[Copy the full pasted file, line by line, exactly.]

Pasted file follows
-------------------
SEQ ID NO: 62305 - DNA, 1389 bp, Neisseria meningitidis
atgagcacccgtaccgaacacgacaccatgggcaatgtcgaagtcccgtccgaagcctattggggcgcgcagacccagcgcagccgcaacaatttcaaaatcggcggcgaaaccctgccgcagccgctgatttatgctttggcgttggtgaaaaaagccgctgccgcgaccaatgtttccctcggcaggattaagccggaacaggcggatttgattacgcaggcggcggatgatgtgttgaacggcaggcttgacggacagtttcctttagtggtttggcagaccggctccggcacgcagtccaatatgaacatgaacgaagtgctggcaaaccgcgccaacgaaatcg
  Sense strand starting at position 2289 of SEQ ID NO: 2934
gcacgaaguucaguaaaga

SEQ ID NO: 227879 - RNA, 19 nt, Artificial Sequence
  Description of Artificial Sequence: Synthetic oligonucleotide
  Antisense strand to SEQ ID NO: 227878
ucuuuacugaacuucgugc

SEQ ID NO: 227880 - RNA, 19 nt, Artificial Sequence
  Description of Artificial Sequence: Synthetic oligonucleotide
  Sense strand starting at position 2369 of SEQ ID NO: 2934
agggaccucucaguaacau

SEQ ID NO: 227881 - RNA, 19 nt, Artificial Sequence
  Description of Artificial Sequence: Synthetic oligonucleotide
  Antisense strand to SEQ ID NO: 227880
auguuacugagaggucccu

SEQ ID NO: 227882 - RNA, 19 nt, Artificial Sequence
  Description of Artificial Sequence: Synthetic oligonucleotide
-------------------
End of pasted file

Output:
SEQ ID NO: 62305 - DNA, 1389 bp, Neisseria meningitidis
atgagcacccgtaccgaacacgacaccatgggcaatgtcgaagtcccgtccgaagcctattggggcgcgcagacccagcgcagccgcaacaatttcaaaatcggcggcgaaaccctgccgcagccgctgatttatgctttggcgttggtgaaaaaagccgctgccgcgaccaatgtttccctcggcaggattaagccggaacaggcggatttgattacgcaggcggcggatgatgtgttgaacggcaggcttgacggacagtttcctttagtggtttggcagaccggctccggcacgcagtccaatatgaacatgaacgaagtgctggcaaaccgcgccaacgaaatcg
  Sense strand starting at position 2289 of SEQ ID NO: 2934
gcacgaaguucaguaaaga

SEQ ID NO: 227879 - RNA, 19 nt, Artificial Sequence
  Description of Artificial Sequence: Synthetic oligonucleotide
  Antisense strand to SEQ ID NO: 227878
ucuuuacugaacuucgugc

SEQ ID NO: 227880 - RNA, 19 nt, Artificial Sequence
  Description of Artificial Sequence: Synthetic oligonucleotide
  Sense strand starting at position 2369 of SEQ ID NO: 2934
agggaccucucaguaacau

SEQ ID NO: 227881 - RNA, 19 nt, Artificial Sequence
  Description of Artificial Sequence: Synthetic oligonucleotide
  Antisense strand to SEQ ID NO: 227880
auguuacugagaggucccu

SEQ ID NO: 227882 - RNA, 19 nt, Artificial Sequence
  Description of Artificial Sequence: Synthetic oligonucleotide